3. London, England

    The Houses of Parliament and Big Ben clock tower, located along the River Thames, are seen at dusk from Westminster Bridge. (George Rose / Getty Images) Back to slideshow navigation
  4. Berlin, Germany

    Tourists take pictures of themselves at the Holocaust Memorial in Berlin. The memorial, designed by U.S. architect Peter Eisenman and inaugurated in May 2005, is made up of more than 2,700 concrete steles that form a curved landscape in the heart of Germany's capital. (Barbara Sax / AFP - Getty Images) Back to slideshow navigation
  5. Granada, Spain

    The Alhambra palace in Granada, although one of 21 finalists, missed out on being named one of the new seven wonders of the world. (Jose Luis Roca / AFP - Getty Images) Back to slideshow navigation
  6. Paris, France

    This bird's-eye view of Paris at dusk, with the Eiffel Tower and L'Hotel des Invalides prominent, show why the capital's nickname is the "City of Light." (Mike Hewitt / Getty Images) Back to slideshow navigation
  7. Lindos, Greece

    The ancient town of Lindos is famous for its Acropolis, which stands on a 380-foot-high hill overlooking Lindos and the Aegean Sea and is listed as a UNESCO World Heritage Site. (Eyeswideopen / Getty Images) Back to slideshow navigation
  8. Dublin, Ireland

    People walk past The Temple Bar, which should not be confused with its neighborhood, also called Temple Bar, in central Dublin. Ireland's capital has been voted one of the top 25 cities of the world to live in. (Chris Jackson / Getty Images) Back to slideshow navigation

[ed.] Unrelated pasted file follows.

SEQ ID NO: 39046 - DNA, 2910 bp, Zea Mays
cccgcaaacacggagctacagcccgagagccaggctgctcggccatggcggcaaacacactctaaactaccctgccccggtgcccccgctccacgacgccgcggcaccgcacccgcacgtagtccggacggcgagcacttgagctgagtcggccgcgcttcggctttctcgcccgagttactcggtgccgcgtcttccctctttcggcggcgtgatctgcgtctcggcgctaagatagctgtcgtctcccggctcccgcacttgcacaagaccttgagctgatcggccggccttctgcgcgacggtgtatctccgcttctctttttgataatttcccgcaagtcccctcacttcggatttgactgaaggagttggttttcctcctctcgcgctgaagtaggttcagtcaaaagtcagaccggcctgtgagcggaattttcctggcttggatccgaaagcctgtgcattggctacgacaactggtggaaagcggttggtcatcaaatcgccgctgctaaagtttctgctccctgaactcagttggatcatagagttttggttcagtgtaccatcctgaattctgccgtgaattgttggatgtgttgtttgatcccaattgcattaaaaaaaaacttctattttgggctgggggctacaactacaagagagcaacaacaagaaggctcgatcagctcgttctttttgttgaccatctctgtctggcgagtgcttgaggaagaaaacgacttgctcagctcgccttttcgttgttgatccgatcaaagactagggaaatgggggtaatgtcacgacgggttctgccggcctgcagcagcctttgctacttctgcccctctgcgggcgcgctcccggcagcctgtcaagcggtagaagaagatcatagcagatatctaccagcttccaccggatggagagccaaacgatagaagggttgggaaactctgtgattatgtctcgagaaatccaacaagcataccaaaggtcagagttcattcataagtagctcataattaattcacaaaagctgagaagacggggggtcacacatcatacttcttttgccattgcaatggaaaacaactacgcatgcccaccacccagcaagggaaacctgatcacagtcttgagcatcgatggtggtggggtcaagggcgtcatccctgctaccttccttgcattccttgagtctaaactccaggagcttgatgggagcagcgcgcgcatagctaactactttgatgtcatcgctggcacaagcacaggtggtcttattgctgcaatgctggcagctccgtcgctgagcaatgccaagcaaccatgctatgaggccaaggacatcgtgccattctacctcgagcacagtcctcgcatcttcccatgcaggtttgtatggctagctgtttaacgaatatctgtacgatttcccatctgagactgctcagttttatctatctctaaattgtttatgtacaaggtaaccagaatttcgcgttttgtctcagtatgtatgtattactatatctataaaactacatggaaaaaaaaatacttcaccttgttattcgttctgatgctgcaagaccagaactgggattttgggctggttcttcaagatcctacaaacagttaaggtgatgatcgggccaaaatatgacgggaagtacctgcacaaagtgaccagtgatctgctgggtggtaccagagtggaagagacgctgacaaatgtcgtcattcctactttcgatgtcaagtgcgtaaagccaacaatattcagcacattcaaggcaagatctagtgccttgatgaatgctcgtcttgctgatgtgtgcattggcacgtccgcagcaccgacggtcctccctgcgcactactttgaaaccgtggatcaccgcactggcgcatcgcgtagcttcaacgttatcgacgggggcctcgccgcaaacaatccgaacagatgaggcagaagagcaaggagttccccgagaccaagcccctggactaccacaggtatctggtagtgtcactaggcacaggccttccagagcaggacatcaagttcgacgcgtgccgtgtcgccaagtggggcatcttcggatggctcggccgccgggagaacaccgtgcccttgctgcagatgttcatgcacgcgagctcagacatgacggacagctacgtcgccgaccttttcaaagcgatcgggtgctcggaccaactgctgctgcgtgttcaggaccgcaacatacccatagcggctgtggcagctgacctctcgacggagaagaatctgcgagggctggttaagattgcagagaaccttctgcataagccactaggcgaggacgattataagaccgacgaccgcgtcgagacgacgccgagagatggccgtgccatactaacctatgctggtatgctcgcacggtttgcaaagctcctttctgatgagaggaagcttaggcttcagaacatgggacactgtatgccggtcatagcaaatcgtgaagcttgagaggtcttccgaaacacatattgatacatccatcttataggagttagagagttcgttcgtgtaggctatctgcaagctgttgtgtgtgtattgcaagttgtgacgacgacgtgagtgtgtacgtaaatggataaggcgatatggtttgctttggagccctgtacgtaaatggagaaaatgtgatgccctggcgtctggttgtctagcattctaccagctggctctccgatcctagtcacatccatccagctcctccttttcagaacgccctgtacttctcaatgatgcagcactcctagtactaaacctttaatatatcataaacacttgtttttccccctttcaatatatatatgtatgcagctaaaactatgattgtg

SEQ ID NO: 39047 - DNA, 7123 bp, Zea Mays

9. Lisbon, Portugal

    Belém Tower was built in the early 16th century as a ceremonial gateway to the city, and to serve as a defense at the mouth of the Tagus River. It is listed as a UNESCO World Heritage Site. (Sebastiano Scattolin / Corbis) Back to slideshow navigation
  10. Barcelona, Spain

    Columns and arches of the Sagrada Familia rise high in this Roman Catholic church, which has been under construction since 1882 and remains incomplete. (Christophe Simon / AFP - Getty Images) Back to slideshow navigation
  11. Florence, Italy

    A woman looks over Florence from the dome of Santa Maria del Fiore. Construction on the city's cathedral church began in 1296 and finished in 1462. (Guido Cozzi / Corbis) Back to slideshow navigation
  12. County Mayo, Ireland

    Ashford Castle, which dates back to the 13th century and sits on 350 acres of manicured gardens and land, now ranks among the finest hotels in Ireland. About a two-hour drive from Dublin, the castle has played host to myriad high-profile events, including actor Pierce Brosnan's wedding. (Tourism Ireland via AP) Back to slideshow navigation
  13. Kaag, Netherlands

    A cyclist pedals along rows of tulips near the village of Kaag, outside of Amsterdam, Netherlands. The Dutch often use cycling to get around, and Amsterdam is considered one of the most bike-friendly large cities in the world. (Peter Dejong / AP) Back to slideshow navigation